Shunk died in his home and studio in Westbeth in New York City on June 26, 2006. Kender died on December 5, 2009, in a welfare hospice in West Palm Beach, Florida.

Today's News

December 20, 2013

"Monsters: Fantastic Creatures of Fear and Myth" opens at the Museo Nazionale Romano

Christie's doubles estimates at first India auction; Gaitonde's Untitled sells for $3.7 million

Vast trove of photographs rescued and preserved by the Roy Lichtenstein Foundation

Getty Conservation Institute in Los Angeles appoints Thomas J.S. Learner as new Head of Science

CIMA: New foundation opens in New York City dedicated to Italian Modern art

British Rock and Pop in the limelight at Bonhams Entertainment Sale in London

The Museum of London opens new display spotlighting the secrets behind the suit

Strong results for opals and bejeweled eggs achieved at Bonhams in Los Angeles

Project manager with a fire sprinkler contracting company dines out to celebrate Picasso win

Science Museum in London and Touch Press launch Journeys of Invention app

Waddington's fall auction season ends with grand finale with a remarkable 97% of all lots sold

Bonhams announces Furniture, Silver, Decorative Arts and Clocks Sale in New York

Rizzoli announces new book "Dirk Bikkembergs: 25 Years of Athletes and Fashion"

Rossi & Rossi to offer earliest known Tibetan Màndala at TEFAF Maastricht 2014

Lúa Coderch brings her vision of the historical present to Espai 13 of the Fundació Joan Miró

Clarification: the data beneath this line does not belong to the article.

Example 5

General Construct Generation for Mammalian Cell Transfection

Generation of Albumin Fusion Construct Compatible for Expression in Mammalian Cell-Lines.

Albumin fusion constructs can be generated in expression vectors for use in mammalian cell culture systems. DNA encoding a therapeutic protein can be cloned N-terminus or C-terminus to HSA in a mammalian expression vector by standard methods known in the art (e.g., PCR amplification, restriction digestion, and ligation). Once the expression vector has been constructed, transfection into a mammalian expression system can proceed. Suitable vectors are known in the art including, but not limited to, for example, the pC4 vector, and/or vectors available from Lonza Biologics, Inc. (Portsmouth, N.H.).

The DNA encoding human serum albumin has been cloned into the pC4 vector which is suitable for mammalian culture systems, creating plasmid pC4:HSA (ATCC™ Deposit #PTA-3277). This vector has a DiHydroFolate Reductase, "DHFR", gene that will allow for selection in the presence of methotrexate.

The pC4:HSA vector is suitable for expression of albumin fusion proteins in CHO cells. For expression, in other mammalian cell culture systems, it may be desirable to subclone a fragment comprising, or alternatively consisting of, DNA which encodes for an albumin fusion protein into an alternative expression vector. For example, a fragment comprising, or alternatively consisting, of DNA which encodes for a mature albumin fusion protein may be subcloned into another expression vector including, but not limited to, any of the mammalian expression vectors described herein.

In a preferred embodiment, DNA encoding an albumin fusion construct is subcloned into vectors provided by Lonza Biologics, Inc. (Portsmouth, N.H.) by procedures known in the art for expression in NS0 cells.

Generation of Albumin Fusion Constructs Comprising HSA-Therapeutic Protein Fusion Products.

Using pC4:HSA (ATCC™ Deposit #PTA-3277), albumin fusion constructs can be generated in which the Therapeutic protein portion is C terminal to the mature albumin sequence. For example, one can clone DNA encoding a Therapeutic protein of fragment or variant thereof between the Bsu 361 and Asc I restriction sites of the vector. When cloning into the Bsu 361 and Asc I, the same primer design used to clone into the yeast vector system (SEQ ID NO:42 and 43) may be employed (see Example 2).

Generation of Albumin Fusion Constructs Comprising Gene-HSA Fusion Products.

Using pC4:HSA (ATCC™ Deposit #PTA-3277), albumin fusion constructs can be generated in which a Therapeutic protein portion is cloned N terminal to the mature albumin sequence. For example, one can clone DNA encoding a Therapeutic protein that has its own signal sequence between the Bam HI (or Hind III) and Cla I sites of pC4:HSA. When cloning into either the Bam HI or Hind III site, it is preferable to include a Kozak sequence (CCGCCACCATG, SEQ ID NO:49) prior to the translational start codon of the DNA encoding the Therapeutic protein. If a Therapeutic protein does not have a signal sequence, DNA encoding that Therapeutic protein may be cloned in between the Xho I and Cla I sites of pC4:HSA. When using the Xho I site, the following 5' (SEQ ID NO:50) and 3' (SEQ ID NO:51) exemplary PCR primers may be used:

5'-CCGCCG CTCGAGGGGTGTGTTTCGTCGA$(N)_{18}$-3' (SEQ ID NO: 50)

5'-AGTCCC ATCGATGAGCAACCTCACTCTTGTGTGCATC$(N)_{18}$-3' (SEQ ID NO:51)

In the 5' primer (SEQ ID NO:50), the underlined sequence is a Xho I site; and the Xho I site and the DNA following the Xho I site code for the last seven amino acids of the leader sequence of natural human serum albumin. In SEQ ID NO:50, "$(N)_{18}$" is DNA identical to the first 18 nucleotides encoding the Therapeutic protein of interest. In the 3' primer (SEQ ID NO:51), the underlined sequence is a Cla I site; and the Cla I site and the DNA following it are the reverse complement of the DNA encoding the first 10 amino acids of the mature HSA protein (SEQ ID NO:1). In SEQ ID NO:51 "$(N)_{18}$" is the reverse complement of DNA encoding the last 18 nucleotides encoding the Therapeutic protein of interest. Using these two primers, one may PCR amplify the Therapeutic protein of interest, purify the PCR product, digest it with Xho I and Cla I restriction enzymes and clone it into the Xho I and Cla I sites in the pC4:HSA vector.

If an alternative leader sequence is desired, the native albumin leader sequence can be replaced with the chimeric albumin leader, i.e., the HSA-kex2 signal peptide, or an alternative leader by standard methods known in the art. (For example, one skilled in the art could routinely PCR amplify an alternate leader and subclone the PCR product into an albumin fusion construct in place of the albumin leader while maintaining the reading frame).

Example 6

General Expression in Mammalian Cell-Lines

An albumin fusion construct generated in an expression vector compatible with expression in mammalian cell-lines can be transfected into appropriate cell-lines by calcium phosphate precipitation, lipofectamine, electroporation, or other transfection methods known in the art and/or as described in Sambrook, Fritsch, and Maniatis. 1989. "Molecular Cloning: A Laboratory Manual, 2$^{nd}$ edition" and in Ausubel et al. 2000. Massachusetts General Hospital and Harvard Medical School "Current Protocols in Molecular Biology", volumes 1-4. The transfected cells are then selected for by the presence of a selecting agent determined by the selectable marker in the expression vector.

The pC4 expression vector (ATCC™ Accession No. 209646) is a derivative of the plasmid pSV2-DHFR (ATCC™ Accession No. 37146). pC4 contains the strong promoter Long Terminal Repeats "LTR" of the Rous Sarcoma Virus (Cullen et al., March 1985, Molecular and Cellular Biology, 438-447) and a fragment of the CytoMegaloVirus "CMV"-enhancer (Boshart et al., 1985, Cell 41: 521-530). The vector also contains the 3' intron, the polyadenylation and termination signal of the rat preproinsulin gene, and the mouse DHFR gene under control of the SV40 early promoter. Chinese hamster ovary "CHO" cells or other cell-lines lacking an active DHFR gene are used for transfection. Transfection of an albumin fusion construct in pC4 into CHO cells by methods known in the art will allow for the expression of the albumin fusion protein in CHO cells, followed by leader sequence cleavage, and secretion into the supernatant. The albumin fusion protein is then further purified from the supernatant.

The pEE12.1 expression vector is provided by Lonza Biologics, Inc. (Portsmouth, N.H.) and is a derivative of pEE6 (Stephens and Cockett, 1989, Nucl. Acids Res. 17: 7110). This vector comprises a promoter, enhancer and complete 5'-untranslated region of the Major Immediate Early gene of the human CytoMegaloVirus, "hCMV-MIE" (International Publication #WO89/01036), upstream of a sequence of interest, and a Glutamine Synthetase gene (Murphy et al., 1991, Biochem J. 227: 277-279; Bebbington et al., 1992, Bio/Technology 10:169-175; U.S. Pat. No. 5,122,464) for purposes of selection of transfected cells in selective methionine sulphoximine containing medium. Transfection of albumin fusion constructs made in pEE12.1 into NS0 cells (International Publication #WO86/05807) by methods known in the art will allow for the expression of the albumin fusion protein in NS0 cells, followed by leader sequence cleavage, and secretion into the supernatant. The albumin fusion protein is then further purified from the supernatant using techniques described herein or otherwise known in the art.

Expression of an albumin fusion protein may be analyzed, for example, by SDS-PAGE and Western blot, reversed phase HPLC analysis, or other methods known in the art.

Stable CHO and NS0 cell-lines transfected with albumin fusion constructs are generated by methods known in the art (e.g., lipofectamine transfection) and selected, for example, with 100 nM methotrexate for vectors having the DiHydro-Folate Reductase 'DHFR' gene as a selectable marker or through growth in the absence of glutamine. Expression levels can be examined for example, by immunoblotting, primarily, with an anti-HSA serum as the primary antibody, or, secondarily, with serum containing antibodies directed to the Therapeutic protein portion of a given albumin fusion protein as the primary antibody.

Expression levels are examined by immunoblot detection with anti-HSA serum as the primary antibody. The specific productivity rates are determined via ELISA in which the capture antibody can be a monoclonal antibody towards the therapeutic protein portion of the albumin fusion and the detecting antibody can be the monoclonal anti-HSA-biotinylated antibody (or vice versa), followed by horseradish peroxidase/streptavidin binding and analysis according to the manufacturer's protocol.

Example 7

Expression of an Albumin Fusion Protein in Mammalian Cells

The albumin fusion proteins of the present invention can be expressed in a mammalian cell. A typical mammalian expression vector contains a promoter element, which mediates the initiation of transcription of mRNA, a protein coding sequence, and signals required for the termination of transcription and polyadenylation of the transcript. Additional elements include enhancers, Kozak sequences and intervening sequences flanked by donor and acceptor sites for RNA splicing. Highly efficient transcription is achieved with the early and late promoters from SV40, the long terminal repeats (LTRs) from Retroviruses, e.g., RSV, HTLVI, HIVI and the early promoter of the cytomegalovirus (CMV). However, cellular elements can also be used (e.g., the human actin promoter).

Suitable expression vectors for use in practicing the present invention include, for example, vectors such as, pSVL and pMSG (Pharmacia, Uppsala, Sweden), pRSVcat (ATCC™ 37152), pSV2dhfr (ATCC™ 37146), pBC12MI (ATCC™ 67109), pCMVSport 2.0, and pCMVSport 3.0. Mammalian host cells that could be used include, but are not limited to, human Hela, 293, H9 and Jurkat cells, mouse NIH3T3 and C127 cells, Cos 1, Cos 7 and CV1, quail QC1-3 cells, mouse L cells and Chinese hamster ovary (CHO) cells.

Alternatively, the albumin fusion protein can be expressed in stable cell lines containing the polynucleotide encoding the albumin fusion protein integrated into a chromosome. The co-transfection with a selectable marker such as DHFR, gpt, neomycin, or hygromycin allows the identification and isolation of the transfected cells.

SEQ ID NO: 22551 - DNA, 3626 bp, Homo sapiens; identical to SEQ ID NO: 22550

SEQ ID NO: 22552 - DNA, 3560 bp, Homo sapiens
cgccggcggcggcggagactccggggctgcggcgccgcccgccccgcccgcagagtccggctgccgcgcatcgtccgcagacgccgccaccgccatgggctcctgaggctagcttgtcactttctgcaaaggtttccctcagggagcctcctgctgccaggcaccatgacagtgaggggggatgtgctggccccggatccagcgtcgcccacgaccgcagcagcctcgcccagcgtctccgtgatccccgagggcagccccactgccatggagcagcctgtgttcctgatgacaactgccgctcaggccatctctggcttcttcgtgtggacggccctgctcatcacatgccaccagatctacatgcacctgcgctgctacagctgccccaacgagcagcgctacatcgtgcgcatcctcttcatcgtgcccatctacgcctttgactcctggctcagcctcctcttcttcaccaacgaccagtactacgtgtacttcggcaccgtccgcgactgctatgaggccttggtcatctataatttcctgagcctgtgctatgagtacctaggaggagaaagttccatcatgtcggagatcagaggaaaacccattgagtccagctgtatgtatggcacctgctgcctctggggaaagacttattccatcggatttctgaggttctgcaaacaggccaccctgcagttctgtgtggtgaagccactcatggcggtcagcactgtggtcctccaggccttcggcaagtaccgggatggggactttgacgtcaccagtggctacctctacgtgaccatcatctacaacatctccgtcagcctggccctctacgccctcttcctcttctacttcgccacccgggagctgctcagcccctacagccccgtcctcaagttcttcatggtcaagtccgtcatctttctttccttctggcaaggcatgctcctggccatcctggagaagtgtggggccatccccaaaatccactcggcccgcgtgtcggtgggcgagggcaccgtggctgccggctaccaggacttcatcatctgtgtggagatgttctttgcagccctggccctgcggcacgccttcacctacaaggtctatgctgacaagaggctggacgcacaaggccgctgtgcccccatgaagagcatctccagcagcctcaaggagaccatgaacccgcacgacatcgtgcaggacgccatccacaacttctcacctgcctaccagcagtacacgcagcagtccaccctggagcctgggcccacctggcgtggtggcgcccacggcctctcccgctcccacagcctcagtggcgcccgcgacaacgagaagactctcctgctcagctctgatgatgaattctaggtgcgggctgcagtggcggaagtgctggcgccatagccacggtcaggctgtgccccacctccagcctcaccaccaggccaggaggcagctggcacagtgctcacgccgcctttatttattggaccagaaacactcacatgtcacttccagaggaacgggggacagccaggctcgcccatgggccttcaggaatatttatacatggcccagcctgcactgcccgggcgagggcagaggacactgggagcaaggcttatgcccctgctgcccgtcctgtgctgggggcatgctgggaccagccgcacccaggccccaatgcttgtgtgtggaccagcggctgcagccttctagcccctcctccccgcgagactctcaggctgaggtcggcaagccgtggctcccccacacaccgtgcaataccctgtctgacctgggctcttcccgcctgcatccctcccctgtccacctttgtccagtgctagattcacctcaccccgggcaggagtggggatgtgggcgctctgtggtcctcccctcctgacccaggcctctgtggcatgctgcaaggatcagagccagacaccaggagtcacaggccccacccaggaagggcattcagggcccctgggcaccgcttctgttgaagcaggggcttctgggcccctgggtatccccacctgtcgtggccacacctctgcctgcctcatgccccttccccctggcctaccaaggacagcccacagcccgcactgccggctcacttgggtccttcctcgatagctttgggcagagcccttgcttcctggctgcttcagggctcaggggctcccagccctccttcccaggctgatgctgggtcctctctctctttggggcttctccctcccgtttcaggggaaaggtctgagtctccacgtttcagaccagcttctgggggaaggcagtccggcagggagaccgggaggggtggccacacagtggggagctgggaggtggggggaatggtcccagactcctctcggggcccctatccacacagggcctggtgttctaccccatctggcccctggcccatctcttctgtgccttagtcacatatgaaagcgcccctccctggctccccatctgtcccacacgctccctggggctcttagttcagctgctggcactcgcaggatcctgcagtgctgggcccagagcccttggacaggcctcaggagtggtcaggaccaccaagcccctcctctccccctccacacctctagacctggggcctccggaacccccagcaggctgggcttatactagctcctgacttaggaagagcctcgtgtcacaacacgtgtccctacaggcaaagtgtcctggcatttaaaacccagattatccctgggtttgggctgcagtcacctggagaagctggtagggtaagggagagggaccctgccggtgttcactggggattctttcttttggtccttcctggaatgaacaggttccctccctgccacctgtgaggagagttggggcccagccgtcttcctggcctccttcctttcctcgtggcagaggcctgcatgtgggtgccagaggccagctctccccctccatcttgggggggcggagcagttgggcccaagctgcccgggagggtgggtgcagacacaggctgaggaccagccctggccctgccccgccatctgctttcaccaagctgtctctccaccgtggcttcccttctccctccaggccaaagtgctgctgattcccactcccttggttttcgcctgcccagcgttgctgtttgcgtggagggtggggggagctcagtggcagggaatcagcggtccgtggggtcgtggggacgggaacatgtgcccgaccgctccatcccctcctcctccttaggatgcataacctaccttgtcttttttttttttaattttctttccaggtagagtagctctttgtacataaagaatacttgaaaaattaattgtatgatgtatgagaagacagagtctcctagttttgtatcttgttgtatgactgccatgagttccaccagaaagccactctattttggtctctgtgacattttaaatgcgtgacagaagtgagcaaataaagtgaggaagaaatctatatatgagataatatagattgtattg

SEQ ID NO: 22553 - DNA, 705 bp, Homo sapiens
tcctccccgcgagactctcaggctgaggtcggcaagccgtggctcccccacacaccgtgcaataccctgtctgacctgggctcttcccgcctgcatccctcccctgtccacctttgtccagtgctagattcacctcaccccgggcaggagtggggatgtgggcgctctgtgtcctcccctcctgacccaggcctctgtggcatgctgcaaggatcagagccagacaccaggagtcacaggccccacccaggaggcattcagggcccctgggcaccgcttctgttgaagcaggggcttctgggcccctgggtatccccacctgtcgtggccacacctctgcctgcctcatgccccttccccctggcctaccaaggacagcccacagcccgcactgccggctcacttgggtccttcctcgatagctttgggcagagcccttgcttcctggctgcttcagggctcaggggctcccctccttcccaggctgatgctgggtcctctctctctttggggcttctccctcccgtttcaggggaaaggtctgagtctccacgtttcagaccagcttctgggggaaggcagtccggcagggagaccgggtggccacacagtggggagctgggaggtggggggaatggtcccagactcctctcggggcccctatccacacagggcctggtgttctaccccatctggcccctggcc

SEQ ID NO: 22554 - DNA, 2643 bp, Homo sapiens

RBC Wealth Management is named principal sponsor for Masterpiece London

Nancy Margolis Gallery to open two-person exhibition of Charles Clary and Ryan Cobourn

SF Museum of the African Diaspora hosts new exhibition & film series

Ralph M. Chait Galleries announces move to 730 Fifth Avenue

Project provides national and regional model for children oriented learning environments

Most Popular Last Seven Days

1.- Conservation reveals Wellington Collection work was painted by Titian's Workshop

2.- New dinosaur discovered after lying misidentified in university's vaults for over 30 years

3.- Unseen Texas Chainsaw Massacre outtakes and stills sold for a combined $26,880

4.- National gallery reveals conserved Italian altarpiece by Giovanni Martini da Udine

5.- London's Tate Modern evacuated after child falls, teen arrested

6.- Bavarian State Minister of the Arts restitutes nine works of art

7.- Boy thrown from London's Tate Modern is French tourist visiting UK

8.- Child thrown from London gallery has broken spine, legs and arm

9.- £10 million Turner masterpiece may leave British shores

10.- Tourists banned from sitting on Rome's Spanish Steps

Museums, Exhibits, Artists, Milestones, Digital Art, Architecture, Photography,
Photographers, Special Photos, Special Reports, Featured Stories, Auctions, Art Fairs,
Anecdotes, Art Quiz, Education, Mythology, 3D Images, Last Week, .


Ignacio Villarreal
(1941 - 2019)
Editor & Publisher: Jose Villarreal
Art Director: Juan José Sepúlveda Ramírez

Royalville Communications, Inc
Founder's Site. The most varied versions
of this beautiful prayer.
to a Mexican poet.

The First Art Newspaper on the Net. The Best Versions Of Ave Maria Song Junco de la Vega Site Ignacio Villarreal Site
Tell a Friend
Dear User, please complete the form below in order to recommend the Artdaily newsletter to someone you know.
Please complete all fields marked *.
Sending Mail
Sending Successful